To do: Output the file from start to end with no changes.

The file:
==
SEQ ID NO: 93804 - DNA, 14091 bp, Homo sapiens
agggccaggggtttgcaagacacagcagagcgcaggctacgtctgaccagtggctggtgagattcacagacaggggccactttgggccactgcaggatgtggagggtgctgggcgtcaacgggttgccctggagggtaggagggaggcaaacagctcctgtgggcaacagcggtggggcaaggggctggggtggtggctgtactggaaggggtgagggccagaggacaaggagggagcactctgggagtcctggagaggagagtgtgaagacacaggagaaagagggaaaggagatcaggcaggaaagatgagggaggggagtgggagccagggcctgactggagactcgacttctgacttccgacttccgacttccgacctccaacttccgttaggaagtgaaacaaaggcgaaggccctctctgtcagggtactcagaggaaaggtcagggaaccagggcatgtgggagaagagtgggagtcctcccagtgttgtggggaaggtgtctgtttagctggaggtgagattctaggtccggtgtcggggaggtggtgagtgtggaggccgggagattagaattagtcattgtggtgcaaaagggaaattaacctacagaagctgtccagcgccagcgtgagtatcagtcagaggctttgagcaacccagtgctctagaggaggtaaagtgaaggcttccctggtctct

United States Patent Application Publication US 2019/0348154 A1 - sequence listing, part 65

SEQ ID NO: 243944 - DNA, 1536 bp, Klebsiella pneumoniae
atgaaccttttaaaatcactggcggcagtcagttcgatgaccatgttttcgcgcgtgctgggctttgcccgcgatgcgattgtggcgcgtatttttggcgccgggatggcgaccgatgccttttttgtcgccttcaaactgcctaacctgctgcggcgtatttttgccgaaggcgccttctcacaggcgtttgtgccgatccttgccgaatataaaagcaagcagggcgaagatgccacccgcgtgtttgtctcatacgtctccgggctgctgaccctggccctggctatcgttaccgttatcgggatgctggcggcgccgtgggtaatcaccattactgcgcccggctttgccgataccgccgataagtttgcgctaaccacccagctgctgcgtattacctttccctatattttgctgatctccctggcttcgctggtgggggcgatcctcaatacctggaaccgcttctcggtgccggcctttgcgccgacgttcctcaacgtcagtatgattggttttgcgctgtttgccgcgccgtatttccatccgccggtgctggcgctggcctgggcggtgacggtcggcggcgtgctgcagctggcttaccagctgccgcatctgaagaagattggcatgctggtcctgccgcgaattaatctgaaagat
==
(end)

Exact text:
SEQ ID NO: 93804 - DNA, 14091 bp, Homo sapiens
agggccaggggtttgcaagacacagcagagcgcaggctacgtctgaccagtggctggtgagattcacagacaggggccactttgggccactgcaggatgtggagggtgctgggcgtcaacgggttgccctggagggtaggagggaggcaaacagctcctgtgggcaacagcggtggggcaaggggctggggtggtggctgtactggaaggggtgagggccagaggacaaggagggagcactctgggagtcctggagaggagagtgtgaagacacaggagaaagagggaaaggagatcaggcaggaaagatgagggaggggagtgggagccagggcctgactggagactcgacttctgacttccgacttccgacttccgacctccaacttccgttaggaagtgaaacaaaggcgaaggccctctctgtcagggtactcagaggaaaggtcagggaaccagggcatgtgggagaagagtgggagtcctcccagtgttgtggggaaggtgtctgtttagctggaggtgagattctaggtccggtgtcggggaggtggtgagtgtggaggccgggagattagaattagtcattgtggtgcaaaagggaaattaacctacagaagctgtccagcgccagcgtgagtatcagtcagaggctttgagcaacccagtgctctagaggaggtaaagtgaaggcttccctggtctct

United States Patent Application Publication US 2019/0348154 A1 - sequence listing, part 65

SEQ ID NO: 243944 - DNA, 1536 bp, Klebsiella pneumoniae
atgaaccttttaaaatcactggcggcagtcagttcgatgaccatgttttcgcgcgtgctgggctttgcccgcgatgcgattgtggcgcgtatttttggcgccgggatggcgaccgatgccttttttgtcgccttcaaactgcctaacctgctgcggcgtatttttgccgaaggcgccttctcacaggcgtttgtgccgatccttgccgaatataaaagcaagcagggcgaagatgccacccgcgtgtttgtctcatacgtctccgggctgctgaccctggccctggctatcgttaccgttatcgggatgctggcggcgccgtgggtaatcaccattactgcgcccggctttgccgataccgccgataagtttgcgctaaccacccagctgctgcgtattacctttccctatattttgctgatctccctggcttcgctggtgggggcgatcctcaatacctggaaccgcttctcggtgccggcctttgcgccgacgttcctcaacgtcagtatgattggttttgcgctgtttgccgcgccgtatttccatccgccggtgctggcgctggcctgggcggtgacggtcggcggcgtgctgcagctggcttaccagctgccgcatctgaagaagattggcatgctggtcctgccgcgaattaatctgaaagat